And it’s no wonder; this bike is based on the same bike that took Romain Febvre to take the MXGP 450 motocross title in his rookie year, defeating everyone from eight-time world champion Antonio Cairoli down. In the same year, the 250 version of the bike took Jeremy Martin to a 250 AMA National title and Cooper Webb to a West Coast Supercross crown.
And while the big power needs a bit of respect in the tight trails, once in the open, the big hit is exactly what makes this bike so popular. Translate the setting from a Powys firing range to a whooped out trail on the edge of the outback, and you are just going to love this bike.
Although the power on the bike was manageable in the trees, I still wanted to see whether we could bring this down a tad to improve the bike for the Welsh setting and general trail riding . On a few of the steep downhills, I’d been sent into ‘clench’ mode when a bit too much throttle blip had headed me towards imminent disaster. At lunchtime Dylan plugged in the Yamaha mapping tool and simply tweaked the figures, to keep the top end but reduce the low end hit. The process is incredibly simple and the unit so compact that you could stick it in your backpack on a long ride and adjust it if you came across different terrain, as is often the case with trail riding. And with people developing their own maps and sharing them by text, adjusting your bike’s mapping could hardly be easier.
Back out in the afternoon, the slight tweak had the desired effect, smoothing out the delivery in the snotty stuff without affecting the life-affirming power that makes the bike quite so good. The faster riders had been separated from the less confident, meaning that we could take on steeper, faster and more challenging trails. From stone riddled inclines to declines so steep that it would have been hard to walk on, the 450 coped with everything without feeling like a 450. The lack of perceived weight and great balance is doubtless down to Yamaha’s obsession with mass centralisation. The backward slanting engine and centralised petrol tank are all part of that, and it’s really effective. Back to back on the 250 and 450 versions down the same downhill it’s really hard to tell exactly which bike you are on – that’s a pretty big achievement.
No enduro bike is going to score the full 5 out of 5, but the big Yamaha comes as close as you can get. The ergos are great and the seat is pretty damn comfortable
As the Yamaha borrows it’s engine technology from the motocross machine, the motor is pretty strong and the frame is well designed and built. We think it will last well
OK so only three here as Yamahas are not the cheapest on the market. But if you are talking power for your pounds, the WRF450 would take the full 5 stars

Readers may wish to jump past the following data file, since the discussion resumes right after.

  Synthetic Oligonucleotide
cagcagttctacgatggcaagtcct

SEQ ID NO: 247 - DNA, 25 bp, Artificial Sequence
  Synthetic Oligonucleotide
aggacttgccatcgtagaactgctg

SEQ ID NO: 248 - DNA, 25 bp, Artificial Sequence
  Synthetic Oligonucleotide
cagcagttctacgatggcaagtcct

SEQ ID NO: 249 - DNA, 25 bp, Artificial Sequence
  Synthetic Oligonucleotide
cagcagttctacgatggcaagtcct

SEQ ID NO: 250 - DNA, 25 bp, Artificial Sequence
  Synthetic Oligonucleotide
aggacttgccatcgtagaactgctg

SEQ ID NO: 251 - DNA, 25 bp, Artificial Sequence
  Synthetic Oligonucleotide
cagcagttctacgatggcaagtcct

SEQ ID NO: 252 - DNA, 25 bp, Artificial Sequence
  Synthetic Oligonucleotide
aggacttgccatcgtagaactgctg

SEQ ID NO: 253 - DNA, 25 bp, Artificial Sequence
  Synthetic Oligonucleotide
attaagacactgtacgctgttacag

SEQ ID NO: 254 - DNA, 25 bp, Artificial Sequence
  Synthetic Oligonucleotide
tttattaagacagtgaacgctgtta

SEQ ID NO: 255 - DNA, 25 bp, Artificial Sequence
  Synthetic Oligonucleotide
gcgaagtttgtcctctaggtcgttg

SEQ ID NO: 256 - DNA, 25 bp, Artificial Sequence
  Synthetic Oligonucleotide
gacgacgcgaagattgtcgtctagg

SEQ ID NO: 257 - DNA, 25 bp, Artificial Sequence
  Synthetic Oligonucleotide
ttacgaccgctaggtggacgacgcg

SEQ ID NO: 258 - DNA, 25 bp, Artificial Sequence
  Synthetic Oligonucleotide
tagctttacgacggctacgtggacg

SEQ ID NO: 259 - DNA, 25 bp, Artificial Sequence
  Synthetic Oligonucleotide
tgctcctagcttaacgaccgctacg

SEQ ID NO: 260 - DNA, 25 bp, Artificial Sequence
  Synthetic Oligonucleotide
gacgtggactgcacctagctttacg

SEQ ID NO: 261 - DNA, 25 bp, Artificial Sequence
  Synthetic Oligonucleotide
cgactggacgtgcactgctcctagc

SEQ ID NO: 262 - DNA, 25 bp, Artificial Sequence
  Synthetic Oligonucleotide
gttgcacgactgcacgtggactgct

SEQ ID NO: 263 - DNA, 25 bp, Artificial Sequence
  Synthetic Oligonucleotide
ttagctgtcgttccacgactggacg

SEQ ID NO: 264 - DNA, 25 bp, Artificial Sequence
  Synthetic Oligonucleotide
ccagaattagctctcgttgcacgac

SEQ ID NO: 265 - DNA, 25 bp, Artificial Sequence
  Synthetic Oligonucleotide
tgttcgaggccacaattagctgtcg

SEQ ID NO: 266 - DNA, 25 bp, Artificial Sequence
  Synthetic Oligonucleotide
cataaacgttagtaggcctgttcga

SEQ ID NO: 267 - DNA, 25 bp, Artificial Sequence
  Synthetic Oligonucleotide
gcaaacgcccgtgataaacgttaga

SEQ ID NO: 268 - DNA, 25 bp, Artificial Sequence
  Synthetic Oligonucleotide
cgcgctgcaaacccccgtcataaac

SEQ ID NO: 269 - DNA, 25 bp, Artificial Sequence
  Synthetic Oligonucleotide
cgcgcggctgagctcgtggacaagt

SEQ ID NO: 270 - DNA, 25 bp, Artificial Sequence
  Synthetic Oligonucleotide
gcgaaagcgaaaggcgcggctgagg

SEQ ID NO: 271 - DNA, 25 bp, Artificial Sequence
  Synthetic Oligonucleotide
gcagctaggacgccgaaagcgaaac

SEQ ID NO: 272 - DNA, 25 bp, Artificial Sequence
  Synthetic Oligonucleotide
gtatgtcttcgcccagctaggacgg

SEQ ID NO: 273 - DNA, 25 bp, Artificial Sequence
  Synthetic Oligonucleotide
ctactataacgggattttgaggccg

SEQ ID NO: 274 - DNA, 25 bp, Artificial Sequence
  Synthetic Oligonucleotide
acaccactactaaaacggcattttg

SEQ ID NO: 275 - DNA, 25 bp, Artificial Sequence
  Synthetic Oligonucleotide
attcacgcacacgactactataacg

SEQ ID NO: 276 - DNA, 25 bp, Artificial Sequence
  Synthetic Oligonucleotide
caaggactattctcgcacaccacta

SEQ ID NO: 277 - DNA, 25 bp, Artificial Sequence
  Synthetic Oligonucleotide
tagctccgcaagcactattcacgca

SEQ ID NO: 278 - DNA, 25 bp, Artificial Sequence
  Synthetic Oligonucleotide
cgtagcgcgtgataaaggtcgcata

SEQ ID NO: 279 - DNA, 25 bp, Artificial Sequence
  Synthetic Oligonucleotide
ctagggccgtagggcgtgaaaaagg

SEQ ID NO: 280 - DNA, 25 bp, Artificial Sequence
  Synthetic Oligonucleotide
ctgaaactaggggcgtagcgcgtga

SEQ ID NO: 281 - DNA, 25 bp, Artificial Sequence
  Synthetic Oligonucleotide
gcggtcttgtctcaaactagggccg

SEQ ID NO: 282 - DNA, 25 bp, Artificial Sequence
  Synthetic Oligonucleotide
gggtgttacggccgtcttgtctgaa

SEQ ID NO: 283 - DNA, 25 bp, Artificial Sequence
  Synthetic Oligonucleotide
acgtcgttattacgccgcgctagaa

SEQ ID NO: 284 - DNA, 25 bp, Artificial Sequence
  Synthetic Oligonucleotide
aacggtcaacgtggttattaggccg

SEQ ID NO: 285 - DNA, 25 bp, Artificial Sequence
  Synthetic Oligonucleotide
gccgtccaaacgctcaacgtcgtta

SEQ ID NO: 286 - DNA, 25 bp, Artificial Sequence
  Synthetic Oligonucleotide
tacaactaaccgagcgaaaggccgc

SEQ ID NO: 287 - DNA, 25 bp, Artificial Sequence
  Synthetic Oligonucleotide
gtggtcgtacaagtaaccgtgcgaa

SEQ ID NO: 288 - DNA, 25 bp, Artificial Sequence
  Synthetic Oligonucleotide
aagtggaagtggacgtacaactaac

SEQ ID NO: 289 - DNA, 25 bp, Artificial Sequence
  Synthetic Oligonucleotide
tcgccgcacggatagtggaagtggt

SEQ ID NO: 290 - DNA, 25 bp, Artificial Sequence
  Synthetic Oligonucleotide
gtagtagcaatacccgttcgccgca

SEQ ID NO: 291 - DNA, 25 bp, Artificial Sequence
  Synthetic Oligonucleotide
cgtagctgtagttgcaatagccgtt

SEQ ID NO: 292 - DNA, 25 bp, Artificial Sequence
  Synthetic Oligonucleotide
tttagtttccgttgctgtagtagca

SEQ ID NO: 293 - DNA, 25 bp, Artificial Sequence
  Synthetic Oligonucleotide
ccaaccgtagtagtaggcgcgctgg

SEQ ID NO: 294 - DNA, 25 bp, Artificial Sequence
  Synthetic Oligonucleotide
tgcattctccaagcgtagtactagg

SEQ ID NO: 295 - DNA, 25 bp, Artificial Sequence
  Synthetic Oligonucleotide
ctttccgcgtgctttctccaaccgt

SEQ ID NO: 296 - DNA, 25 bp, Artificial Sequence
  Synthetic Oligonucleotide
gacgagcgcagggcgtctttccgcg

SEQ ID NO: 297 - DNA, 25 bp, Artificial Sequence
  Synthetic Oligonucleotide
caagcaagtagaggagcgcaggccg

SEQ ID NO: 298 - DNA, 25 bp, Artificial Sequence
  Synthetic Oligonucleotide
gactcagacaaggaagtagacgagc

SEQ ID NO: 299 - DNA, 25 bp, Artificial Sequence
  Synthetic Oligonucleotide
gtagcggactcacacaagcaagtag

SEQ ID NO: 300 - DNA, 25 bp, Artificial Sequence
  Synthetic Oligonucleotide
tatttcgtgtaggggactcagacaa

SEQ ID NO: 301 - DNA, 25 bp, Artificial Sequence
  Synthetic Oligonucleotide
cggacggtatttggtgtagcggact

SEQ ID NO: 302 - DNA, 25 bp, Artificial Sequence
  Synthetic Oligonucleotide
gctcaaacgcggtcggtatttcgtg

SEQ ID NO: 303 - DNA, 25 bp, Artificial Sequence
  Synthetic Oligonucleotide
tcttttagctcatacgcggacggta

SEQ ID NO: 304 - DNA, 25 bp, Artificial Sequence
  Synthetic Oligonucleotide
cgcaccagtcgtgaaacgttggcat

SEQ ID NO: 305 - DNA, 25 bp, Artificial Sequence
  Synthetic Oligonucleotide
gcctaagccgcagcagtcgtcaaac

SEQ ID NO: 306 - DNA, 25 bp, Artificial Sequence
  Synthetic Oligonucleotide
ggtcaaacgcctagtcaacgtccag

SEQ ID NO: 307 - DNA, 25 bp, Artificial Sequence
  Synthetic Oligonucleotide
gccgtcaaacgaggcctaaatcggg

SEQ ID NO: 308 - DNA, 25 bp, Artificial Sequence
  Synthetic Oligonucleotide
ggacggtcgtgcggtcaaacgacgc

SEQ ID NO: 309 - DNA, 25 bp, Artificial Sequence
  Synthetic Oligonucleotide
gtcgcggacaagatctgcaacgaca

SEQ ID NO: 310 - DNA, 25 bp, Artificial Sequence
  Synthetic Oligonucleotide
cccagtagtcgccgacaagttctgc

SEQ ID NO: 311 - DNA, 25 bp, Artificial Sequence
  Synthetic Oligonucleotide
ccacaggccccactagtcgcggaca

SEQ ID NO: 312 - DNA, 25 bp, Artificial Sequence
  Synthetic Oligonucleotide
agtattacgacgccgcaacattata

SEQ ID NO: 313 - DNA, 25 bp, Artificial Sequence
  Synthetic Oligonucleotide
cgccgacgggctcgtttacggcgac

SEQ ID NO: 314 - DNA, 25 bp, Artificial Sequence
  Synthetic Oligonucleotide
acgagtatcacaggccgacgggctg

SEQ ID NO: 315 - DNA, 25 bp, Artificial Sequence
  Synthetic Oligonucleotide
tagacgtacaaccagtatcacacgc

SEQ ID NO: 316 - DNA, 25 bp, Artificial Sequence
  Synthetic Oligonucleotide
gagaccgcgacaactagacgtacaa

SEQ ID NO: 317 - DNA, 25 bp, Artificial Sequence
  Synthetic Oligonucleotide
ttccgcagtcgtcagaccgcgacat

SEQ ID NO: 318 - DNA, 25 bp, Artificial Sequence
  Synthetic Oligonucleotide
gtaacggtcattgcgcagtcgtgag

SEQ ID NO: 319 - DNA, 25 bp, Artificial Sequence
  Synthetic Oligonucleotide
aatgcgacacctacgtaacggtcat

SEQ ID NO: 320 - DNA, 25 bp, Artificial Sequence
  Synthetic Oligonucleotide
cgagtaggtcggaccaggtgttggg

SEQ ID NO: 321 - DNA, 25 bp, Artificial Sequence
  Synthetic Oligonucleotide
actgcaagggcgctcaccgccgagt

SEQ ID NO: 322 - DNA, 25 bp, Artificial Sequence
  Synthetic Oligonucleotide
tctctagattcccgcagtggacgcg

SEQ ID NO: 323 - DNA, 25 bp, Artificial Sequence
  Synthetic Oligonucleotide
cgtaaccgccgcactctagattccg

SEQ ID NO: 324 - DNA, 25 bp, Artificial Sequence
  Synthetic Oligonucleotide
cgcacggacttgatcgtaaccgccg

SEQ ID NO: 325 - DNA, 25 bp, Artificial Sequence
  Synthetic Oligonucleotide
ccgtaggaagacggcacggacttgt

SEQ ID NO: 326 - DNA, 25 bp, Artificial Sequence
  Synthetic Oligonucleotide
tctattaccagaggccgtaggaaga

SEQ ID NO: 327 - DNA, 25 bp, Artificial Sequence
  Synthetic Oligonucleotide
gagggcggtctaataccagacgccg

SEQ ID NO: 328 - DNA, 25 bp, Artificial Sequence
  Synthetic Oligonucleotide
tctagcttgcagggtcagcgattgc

A big 5 for this one – the Yamaha looks completely killer from any angle – love it!
YAMAHA WRF450 – THE VERDICT
OK so testing a powerful 450 enduro bike in the winter in Wales could have been a total mudfest disaster. Yet thanks to a break in the weather and a team that know how to set up a bike correctly, the overall impression from testing the YamahaWRF450 this time round was so much better than the last time. Gone was the angry animal with an attitude problem and stiff handling, and replacing it was a powerful bike with great handling that could be adjusted to suit the conditions.
But inevitably, this is a bike that will not find that many fans within the European market. Yes it’s a great package, but when the 250s are quite so good, easier to manage on single track and the slow rocky stuff that tends to make up trail riding and enduro over here, there seems little point in investing in that extra capacity and power and then not really need it. The situation was summed up by the man himself, Geraint Jones.
“With these 450’s, you have to be going some pace to get the best out of them. It’s no good keeping them in first and second and thinking they are going to be happy. You need to be in third and above and pressing on for them to perform at their best.”
Which is of course why they make such sense for the Australian and American market – or indeed anywhere where the trails are wide, open and fast.
Would we want one in our garage? Hell yes!
RIDE EXPEDITIONS REVIEW RATING : YAMAHA WRF450 2017
The Yamaha WRF450 is a truly epic motorcycle, and as a company that does truly epic adventures, Ride Expeditions like that. It’s got superb suspension, great design and an awesomely powerful engine – what’s not to like? If we were just assessing the bike for the US and Australian market we’d probably head for the full 5 stars, but if you are riding this bike in Europe, the amount of power is just not necessary and you need to dial it back to really enjoy the bike, in which case the 250 seems to make more sense …
SPECIFICATIONS, CAPACITIES AND DIMENSIONS
WHEELS / TYRES
DIMENSIONS & CAPACITIES
Do you / have you owned any of the Yamaha WRF range? Please let us know your comments below.
Share this Post